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Monday, 13 October 2014

Plan The Dive and Dive the Plan AKA Website Planning

If there's one thing guaranteed to ensure failure when creating your company's website it's a lack of planning, but where to start? Do you start by grilling web companies? Do you start by searching for photographs? Do you start by talking to your Head of IT? Well, none of the above, although hiring a web company to help you wrestle it all down can be a good idea if you're really struggling.

Assuming you don't want to hire a company this quick guide to planning a website should make sure you're heading in the right direction.

Decide Who It's For!

It may seem obvious but deciding who your website is for (its stakeholders) is a great starting point and it could be any or all of the following:

  • Potential customers
  • Existing customers
  • Your staff
  • Suppliers
  • Investors
  • Others

The next stage is to prioritise this list of stakeholders. Why do this? Well it makes sense to make your website appeal to your "most important" stakeholders. For example, if you want the site to generate new business your most important stakeholders will be potential customers so it wouldn't make sense to make your main message and imagery all about your staff (unless your staff are the key reason someone would choose your company such as a hairdresser or fund manager). Establishing the above will help you think clearly when it comes to creating your key messages and content. Understanding your key stakeholders and prioritising them just makes sense.

Think About Content and Who's Going To Create It

The single biggest reason website projects take longer than they should is content. Creating compelling content seems to trip up most companies large or small. I've seen two month projects take 12 months because of a lack of content or more accurately an inability to create content.

Think long and hard about where your content is going to come from. Is content creation something your staff are likely to embrace (most don't!). Are you able to write it yourself, and at what opportunity cost to your business? If in doubt make sure your budget includes something to cover bringing in a content expert, either from a web or PR company. One thing's for sure, if you don't think long and hard about your content your project will fail!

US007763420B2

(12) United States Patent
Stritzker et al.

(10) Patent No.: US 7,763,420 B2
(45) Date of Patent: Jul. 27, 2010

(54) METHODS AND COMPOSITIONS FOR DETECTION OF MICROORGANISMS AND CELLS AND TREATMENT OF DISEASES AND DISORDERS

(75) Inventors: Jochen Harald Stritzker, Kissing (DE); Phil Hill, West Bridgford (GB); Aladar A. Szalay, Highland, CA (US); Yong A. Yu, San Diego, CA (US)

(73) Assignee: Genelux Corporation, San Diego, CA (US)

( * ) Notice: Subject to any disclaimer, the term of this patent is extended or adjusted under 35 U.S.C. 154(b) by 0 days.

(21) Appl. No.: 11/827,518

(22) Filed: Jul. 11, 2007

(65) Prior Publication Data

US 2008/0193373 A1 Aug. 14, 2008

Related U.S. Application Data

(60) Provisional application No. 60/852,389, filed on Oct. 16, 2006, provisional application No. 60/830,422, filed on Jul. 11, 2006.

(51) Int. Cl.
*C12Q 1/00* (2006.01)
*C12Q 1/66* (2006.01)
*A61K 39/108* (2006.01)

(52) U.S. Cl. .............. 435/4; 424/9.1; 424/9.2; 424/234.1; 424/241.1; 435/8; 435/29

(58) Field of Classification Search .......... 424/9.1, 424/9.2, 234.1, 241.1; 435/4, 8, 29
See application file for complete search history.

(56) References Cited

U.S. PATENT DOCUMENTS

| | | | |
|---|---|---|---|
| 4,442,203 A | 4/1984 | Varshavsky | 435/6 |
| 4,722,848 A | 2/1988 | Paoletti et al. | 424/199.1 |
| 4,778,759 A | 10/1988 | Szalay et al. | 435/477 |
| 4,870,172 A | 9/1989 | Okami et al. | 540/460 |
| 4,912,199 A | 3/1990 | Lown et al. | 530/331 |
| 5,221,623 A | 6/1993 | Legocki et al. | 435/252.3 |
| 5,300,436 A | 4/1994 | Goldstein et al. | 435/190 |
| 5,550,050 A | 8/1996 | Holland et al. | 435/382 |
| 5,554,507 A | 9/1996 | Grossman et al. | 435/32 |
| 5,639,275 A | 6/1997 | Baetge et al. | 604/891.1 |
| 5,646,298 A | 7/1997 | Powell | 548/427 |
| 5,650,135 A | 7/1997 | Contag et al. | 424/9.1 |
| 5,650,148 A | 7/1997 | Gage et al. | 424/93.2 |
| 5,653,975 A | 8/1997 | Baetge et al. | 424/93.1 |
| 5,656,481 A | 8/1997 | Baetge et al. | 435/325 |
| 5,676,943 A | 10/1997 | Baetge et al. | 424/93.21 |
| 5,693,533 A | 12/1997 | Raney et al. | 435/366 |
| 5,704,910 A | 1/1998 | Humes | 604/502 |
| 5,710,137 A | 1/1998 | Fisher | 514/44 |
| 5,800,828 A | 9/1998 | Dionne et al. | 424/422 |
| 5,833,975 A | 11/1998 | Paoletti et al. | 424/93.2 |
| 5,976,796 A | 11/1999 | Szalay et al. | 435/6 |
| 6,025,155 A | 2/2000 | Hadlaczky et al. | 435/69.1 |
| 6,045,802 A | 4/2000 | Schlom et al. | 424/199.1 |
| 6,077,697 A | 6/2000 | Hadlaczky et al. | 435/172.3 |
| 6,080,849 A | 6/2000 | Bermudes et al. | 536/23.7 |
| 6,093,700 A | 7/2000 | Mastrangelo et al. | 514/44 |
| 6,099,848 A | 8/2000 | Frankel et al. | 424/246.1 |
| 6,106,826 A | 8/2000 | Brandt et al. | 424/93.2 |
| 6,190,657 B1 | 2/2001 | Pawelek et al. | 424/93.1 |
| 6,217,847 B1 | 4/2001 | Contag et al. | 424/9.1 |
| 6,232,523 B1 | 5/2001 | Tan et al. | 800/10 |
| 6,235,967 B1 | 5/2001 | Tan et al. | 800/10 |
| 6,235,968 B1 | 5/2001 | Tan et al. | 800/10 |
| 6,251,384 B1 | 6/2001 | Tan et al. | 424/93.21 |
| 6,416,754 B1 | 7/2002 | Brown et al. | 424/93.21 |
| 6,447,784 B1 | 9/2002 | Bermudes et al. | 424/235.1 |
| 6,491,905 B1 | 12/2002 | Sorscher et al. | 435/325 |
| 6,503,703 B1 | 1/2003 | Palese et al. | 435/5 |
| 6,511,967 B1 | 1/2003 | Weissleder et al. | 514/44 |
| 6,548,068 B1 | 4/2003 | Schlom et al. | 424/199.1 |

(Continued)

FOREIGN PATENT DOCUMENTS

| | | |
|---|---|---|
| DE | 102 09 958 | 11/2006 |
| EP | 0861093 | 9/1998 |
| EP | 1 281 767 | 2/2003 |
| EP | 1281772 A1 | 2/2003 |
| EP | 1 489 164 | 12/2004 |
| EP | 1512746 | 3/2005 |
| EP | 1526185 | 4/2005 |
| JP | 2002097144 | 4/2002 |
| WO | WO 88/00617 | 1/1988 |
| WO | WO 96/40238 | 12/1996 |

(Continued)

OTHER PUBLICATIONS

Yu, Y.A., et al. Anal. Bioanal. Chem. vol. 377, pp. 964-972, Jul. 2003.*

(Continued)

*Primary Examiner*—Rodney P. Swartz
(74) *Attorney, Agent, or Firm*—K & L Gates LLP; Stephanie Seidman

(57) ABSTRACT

Finding a Web Company

Once you've got a solid idea of what the website needs to deliver into the business (who it's for and the content they need) it's time to find a web company who will help you make it happen. One approach is to create an Invitation to Tender (ITT) document and send it out to as many web companies as you can find. This is a terminally bad idea. It's vital you find a company whose work you like and approach and attitude fits with yours. It's much better to review 4 or 5 companies, short list 2 or 3 and invite them in (not at the same time) for a chat. Of course, if you can get a recommendation from someone else this can be even better.

By taking this approach you'll form a relationship from an early stage, remember you'll be getting intimate with your web company as they'll want to take a forensic look at your business so you need a company you like and trust. You'll also get more value by engaging with a web company rather than taking the cold ITT approach.

So There You Have It

You're now at the detailed project planning stage and your chosen web company will be all over that like a rash. They'll also love you for spending some time figuring out who you think the site's for and the type of content these people will be looking for. For sure they will almost certainly add lots of value above and beyond what we've covered here and may well introduce ideas you hadn't considered.

Your website could transform your business generating new revenue stream, brining in new customers and better serving your existing ones. It's worth spending some time planning it before diving into the sexy stuff.

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